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J Shoulder Elbow Surg. 2017 Dec;26(12):2067-2077. doi: 10.1016/j.jse.2017.07.012. Epub 2017 Sep 8.

Cost-effectiveness of magnetic resonance imaging versus ultrasound for the detection of symptomatic full-thickness supraspinatus tendon tears.

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Department of Radiology, NYU Langone Medical Center/Hospital for Joint Diseases, New York, NY, USA. Electronic address:
Stony Brook University Medical Center, Stony Brook, NY, USA.
Department of Radiology, Cleveland Clinic, Cleveland, OH, USA.
Department of Orthopaedic Surgery, NYU Hospital for Joint Diseases, New York, NY, USA.
Department of Population Health and Orthopaedic Surgery, NYU School of Medicine, New York, NY, USA.



The purpose of this study was to determine the value of magnetic resonance imaging (MRI) and ultrasound-based imaging strategies in the evaluation of a hypothetical population with a symptomatic full-thickness supraspinatus tendon (FTST) tear using formal cost-effectiveness analysis.


A decision analytic model from the health care system perspective for 60-year-old patients with symptoms secondary to a suspected FTST tear was used to evaluate the incremental cost-effectiveness of 3 imaging strategies during a 2-year time horizon: MRI, ultrasound, and ultrasound followed by MRI. Comprehensive literature search and expert opinion provided data on cost, probability, and quality of life estimates. The primary effectiveness outcome was quality-adjusted life-years (QALYs) through 2 years, with a willingness-to-pay threshold set to $100,000/QALY gained (2016 U.S. dollars). Costs and health benefits were discounted at 3%.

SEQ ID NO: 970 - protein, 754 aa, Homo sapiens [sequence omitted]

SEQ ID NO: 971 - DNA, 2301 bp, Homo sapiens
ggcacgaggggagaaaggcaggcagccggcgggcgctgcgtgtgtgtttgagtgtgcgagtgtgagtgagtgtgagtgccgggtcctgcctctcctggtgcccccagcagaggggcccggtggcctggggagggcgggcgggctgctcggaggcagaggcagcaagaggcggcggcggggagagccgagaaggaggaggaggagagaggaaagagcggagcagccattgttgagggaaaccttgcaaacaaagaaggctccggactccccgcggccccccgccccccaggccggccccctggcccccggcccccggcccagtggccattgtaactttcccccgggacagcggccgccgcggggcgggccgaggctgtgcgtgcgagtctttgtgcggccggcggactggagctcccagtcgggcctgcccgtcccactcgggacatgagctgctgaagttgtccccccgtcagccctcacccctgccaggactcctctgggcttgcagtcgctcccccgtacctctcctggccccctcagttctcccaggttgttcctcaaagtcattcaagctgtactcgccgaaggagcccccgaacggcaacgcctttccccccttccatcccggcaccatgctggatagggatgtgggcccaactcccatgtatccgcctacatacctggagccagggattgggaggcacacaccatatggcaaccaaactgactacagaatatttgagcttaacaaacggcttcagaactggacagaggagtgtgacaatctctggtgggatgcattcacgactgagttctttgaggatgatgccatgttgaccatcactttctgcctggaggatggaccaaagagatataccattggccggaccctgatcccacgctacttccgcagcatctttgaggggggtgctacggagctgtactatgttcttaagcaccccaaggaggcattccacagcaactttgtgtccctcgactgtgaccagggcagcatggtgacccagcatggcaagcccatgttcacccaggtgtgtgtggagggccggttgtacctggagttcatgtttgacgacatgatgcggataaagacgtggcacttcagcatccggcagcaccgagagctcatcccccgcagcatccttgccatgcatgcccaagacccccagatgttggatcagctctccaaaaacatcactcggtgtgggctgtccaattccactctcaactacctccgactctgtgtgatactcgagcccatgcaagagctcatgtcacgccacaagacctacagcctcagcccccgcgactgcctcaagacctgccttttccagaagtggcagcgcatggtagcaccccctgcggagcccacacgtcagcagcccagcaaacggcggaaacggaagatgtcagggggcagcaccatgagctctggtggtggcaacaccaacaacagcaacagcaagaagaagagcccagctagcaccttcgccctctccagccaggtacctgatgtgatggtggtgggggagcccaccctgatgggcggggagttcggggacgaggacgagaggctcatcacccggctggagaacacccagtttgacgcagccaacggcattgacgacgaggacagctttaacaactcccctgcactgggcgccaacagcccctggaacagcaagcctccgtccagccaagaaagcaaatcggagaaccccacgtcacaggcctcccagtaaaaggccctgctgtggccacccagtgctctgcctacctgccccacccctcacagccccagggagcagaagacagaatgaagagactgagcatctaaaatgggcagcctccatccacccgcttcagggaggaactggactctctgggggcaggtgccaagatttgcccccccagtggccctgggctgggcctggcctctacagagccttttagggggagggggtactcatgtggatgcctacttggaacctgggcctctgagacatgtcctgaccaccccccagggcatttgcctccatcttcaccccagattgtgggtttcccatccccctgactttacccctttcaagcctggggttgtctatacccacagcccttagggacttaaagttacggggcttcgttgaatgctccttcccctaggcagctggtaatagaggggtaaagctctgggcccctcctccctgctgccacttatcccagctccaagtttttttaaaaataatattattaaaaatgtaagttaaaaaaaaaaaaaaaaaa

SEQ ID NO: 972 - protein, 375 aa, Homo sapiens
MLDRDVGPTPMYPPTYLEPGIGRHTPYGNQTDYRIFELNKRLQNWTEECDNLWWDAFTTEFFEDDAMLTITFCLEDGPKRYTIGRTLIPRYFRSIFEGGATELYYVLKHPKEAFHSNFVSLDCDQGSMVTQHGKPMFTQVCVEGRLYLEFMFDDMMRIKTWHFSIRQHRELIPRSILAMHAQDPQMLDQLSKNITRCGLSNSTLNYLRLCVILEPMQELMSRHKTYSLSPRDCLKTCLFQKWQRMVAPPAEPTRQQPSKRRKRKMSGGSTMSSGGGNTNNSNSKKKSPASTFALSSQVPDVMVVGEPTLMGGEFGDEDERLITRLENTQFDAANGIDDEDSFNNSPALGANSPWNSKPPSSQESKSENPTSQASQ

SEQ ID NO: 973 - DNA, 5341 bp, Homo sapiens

Ultrasound was the least costly strategy ($1385). MRI was the most effective (1.332 QALYs). Ultrasound was the most cost-effective strategy but was not dominant. The incremental cost-effectiveness ratio for MRI was $22,756/QALY gained, below the willingness-to-pay threshold. Two-way sensitivity analysis demonstrated that MRI was favored over the other imaging strategies over a wide range of reasonable costs. In probabilistic sensitivity analysis, MRI was the preferred imaging strategy in 78% of the simulations.


MRI and ultrasound represent cost-effective imaging options for evaluation of the patient thought to have a symptomatic FTST tear. The results indicate that MRI is the preferred strategy based on cost-effectiveness criteria, although the decision between MRI and ultrasound for an imaging center is likely to be dependent on additional factors, such as available resources and workflow.


Cost-effectiveness; MRI; comparative effectiveness; rotator cuff; rotator cuff imaging; ultrasound

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